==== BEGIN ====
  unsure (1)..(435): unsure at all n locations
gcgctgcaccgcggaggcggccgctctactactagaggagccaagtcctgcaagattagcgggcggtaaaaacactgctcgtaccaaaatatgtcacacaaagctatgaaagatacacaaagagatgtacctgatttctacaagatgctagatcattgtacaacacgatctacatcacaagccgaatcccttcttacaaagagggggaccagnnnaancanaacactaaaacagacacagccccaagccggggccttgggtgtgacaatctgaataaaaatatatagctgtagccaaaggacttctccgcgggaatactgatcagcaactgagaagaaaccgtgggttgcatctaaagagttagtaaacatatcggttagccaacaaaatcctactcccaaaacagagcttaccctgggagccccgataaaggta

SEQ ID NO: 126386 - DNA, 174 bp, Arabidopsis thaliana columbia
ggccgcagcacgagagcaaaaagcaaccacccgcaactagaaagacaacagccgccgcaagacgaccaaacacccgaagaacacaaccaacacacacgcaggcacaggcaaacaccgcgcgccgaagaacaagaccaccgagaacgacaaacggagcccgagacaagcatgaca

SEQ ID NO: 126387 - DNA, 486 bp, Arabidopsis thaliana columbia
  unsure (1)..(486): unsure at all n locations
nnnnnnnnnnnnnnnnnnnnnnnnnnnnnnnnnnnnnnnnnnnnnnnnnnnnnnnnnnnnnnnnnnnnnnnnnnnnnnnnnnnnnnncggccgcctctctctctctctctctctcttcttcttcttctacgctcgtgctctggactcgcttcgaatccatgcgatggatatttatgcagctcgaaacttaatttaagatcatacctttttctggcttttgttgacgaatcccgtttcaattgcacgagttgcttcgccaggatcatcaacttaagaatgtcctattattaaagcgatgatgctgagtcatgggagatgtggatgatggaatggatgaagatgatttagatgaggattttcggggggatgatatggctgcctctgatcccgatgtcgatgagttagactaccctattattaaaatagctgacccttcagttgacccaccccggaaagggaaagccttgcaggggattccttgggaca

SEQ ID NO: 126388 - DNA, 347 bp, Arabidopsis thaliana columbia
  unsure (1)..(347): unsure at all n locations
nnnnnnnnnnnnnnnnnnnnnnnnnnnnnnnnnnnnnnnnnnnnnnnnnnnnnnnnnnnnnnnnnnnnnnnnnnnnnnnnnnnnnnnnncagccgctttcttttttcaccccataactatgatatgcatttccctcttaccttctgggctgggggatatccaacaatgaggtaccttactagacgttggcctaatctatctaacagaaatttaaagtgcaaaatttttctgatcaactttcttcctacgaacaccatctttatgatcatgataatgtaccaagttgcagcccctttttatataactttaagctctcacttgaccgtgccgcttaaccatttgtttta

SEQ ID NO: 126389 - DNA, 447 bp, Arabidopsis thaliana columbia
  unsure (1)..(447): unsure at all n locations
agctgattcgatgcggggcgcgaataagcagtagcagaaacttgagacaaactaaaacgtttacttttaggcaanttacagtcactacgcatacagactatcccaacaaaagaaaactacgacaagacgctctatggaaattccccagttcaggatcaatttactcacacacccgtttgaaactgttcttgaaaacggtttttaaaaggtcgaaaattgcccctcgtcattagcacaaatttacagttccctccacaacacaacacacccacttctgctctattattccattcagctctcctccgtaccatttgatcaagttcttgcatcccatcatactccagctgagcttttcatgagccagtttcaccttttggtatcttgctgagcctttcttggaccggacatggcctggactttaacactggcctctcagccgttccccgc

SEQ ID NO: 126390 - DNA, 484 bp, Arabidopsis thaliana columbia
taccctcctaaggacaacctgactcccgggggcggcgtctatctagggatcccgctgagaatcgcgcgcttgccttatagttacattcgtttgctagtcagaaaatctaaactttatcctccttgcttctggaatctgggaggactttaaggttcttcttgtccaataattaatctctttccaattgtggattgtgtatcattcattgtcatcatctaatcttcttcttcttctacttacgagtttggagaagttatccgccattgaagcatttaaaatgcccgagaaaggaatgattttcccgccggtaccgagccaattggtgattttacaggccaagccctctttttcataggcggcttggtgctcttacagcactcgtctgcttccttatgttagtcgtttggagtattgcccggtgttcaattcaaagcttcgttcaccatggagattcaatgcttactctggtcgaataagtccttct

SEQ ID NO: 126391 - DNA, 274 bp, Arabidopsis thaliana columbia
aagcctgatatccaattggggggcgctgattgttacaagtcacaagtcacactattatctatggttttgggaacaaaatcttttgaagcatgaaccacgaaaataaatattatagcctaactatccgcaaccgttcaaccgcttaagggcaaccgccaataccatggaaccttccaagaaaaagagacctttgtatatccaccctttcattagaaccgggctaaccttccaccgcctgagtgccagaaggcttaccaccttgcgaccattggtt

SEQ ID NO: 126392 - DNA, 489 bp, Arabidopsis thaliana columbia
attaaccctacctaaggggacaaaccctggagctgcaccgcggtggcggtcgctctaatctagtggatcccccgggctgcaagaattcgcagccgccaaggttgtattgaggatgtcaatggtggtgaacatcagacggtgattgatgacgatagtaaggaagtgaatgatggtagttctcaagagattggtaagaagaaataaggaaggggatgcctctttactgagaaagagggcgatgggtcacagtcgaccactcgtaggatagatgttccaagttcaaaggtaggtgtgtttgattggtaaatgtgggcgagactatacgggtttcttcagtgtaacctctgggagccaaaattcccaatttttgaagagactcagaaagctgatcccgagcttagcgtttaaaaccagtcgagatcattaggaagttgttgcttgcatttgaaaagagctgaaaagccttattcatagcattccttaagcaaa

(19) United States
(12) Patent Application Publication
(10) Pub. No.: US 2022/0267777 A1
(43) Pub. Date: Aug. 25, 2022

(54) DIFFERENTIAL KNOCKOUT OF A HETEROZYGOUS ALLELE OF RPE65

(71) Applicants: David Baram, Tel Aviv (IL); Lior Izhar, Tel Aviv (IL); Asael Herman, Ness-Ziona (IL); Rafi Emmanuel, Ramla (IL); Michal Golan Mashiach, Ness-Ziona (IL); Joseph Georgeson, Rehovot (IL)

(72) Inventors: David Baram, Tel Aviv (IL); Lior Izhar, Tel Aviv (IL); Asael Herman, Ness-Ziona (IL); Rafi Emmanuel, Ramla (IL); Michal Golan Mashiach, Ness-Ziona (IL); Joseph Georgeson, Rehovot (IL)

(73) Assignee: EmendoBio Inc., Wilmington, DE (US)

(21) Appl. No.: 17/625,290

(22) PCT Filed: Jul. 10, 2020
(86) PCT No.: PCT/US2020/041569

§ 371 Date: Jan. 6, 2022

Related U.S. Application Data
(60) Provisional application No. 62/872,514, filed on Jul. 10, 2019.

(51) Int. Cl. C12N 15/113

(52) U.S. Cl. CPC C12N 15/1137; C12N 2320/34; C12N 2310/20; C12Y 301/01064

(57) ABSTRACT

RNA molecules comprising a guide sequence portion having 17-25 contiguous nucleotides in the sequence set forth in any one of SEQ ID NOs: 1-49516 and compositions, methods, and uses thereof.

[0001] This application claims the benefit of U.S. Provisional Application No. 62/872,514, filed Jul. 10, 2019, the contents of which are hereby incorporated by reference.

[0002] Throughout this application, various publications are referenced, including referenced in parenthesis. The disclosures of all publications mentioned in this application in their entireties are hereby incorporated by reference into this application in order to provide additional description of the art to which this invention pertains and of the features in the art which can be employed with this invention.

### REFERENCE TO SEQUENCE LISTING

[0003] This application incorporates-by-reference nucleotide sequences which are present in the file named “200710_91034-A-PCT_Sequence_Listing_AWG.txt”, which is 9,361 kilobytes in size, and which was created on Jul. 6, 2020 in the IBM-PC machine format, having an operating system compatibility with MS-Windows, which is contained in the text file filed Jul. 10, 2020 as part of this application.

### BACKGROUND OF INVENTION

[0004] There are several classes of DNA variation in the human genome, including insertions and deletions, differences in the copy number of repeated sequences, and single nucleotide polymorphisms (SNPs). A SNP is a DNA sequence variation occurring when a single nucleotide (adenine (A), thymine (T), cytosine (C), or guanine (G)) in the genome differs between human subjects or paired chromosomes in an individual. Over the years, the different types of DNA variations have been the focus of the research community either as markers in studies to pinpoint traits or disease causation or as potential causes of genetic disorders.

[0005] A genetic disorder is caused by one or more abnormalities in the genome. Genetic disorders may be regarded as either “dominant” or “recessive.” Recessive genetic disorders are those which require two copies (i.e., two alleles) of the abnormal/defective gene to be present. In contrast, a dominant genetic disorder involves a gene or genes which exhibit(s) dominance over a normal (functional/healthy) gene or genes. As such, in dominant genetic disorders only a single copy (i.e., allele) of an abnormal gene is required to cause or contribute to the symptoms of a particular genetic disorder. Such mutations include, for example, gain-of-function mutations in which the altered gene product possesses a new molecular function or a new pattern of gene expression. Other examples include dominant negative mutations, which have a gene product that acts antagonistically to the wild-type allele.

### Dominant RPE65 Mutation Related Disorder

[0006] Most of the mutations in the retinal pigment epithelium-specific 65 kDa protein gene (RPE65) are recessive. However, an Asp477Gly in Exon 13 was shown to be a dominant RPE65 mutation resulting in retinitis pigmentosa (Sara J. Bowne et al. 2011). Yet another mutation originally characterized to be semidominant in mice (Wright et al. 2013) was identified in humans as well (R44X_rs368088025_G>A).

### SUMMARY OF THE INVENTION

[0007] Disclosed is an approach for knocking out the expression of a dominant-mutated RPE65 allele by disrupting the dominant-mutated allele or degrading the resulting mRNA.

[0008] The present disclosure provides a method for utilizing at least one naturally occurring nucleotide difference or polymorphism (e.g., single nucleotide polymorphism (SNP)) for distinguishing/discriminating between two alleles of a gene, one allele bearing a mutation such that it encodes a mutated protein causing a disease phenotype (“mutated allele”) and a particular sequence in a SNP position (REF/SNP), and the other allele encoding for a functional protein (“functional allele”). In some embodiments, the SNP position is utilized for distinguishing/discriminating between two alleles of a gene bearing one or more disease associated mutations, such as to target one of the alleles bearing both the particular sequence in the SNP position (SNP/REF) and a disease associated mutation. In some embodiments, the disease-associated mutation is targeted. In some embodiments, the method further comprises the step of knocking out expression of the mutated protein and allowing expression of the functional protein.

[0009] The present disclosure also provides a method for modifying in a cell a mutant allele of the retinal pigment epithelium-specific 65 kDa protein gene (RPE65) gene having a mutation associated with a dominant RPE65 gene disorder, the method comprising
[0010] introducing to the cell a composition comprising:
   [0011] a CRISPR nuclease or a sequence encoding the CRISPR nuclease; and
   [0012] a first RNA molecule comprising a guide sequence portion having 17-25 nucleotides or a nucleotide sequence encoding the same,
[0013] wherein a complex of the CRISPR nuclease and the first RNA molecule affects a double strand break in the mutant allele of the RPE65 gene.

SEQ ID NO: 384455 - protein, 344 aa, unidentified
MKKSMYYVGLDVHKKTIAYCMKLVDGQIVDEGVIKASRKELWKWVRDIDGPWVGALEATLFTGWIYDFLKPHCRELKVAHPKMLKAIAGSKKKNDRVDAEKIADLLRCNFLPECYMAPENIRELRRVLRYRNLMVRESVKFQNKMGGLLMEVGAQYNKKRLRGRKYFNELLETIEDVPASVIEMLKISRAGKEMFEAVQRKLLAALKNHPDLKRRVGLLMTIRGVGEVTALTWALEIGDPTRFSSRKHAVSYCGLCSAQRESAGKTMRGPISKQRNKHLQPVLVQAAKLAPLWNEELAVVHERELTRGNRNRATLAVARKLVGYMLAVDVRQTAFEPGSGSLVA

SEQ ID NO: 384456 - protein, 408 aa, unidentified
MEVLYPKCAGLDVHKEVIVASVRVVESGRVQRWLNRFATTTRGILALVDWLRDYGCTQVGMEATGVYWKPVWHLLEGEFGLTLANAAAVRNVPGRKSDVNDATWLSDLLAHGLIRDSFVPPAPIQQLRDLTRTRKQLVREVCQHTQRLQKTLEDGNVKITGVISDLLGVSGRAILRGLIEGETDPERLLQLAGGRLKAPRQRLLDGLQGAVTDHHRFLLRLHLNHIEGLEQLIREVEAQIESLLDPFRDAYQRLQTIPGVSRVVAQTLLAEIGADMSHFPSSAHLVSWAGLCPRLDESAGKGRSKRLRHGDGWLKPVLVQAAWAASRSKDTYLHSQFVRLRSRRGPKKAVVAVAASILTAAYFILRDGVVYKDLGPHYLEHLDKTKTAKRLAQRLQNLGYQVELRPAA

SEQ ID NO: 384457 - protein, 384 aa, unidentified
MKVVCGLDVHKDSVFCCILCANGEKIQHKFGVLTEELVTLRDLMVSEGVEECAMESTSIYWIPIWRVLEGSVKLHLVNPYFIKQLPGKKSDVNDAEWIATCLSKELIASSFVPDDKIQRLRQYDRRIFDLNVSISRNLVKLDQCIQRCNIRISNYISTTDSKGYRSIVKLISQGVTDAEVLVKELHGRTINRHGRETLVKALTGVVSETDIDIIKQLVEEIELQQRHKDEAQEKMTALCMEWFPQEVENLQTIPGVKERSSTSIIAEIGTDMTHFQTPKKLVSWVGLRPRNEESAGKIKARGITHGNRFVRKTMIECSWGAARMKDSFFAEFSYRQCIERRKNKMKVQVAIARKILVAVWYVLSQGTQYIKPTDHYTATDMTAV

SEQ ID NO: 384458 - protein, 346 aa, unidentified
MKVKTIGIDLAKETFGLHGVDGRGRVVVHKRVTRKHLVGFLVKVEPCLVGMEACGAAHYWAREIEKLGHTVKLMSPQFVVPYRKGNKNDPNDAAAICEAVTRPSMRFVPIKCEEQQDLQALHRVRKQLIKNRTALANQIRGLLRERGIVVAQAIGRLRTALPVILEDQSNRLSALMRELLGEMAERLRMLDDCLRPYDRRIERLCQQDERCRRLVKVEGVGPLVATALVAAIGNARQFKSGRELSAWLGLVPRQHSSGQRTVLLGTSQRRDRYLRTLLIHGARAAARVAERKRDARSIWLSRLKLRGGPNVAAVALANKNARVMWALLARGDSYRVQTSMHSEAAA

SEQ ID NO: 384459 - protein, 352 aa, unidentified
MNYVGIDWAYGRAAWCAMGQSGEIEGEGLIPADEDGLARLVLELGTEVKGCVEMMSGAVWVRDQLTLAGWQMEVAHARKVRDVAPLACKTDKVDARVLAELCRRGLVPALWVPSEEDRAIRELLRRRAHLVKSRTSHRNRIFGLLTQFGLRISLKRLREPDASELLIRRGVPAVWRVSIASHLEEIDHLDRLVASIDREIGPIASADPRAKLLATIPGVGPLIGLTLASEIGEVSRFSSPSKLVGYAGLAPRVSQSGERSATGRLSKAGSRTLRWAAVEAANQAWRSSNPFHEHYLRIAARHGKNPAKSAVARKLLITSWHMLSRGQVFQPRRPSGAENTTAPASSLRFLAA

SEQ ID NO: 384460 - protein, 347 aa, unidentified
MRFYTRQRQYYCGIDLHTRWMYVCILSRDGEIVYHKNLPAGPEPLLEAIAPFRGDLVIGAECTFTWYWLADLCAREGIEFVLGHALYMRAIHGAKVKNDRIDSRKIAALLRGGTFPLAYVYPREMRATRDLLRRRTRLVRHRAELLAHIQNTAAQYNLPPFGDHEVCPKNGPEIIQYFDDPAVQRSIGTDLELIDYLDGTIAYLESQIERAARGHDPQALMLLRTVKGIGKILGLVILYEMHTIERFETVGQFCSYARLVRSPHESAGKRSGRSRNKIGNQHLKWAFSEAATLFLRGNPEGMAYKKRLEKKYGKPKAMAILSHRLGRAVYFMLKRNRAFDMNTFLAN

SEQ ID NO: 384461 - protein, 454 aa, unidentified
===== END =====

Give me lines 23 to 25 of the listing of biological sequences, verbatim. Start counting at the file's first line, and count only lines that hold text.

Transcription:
(43) Pub. Date: Aug. 25, 2022

(54) DIFFERENTIAL KNOCKOUT OF A HETEROZYGOUS ALLELE OF RPE65

(71) Applicants: David Baram, Tel Aviv (IL); Lior Izhar, Tel Aviv (IL); Asael Herman, Ness-Ziona (IL); Rafi Emmanuel, Ramla (IL); Michal Golan Mashiach, Ness-Ziona (IL); Joseph Georgeson, Rehovot (IL)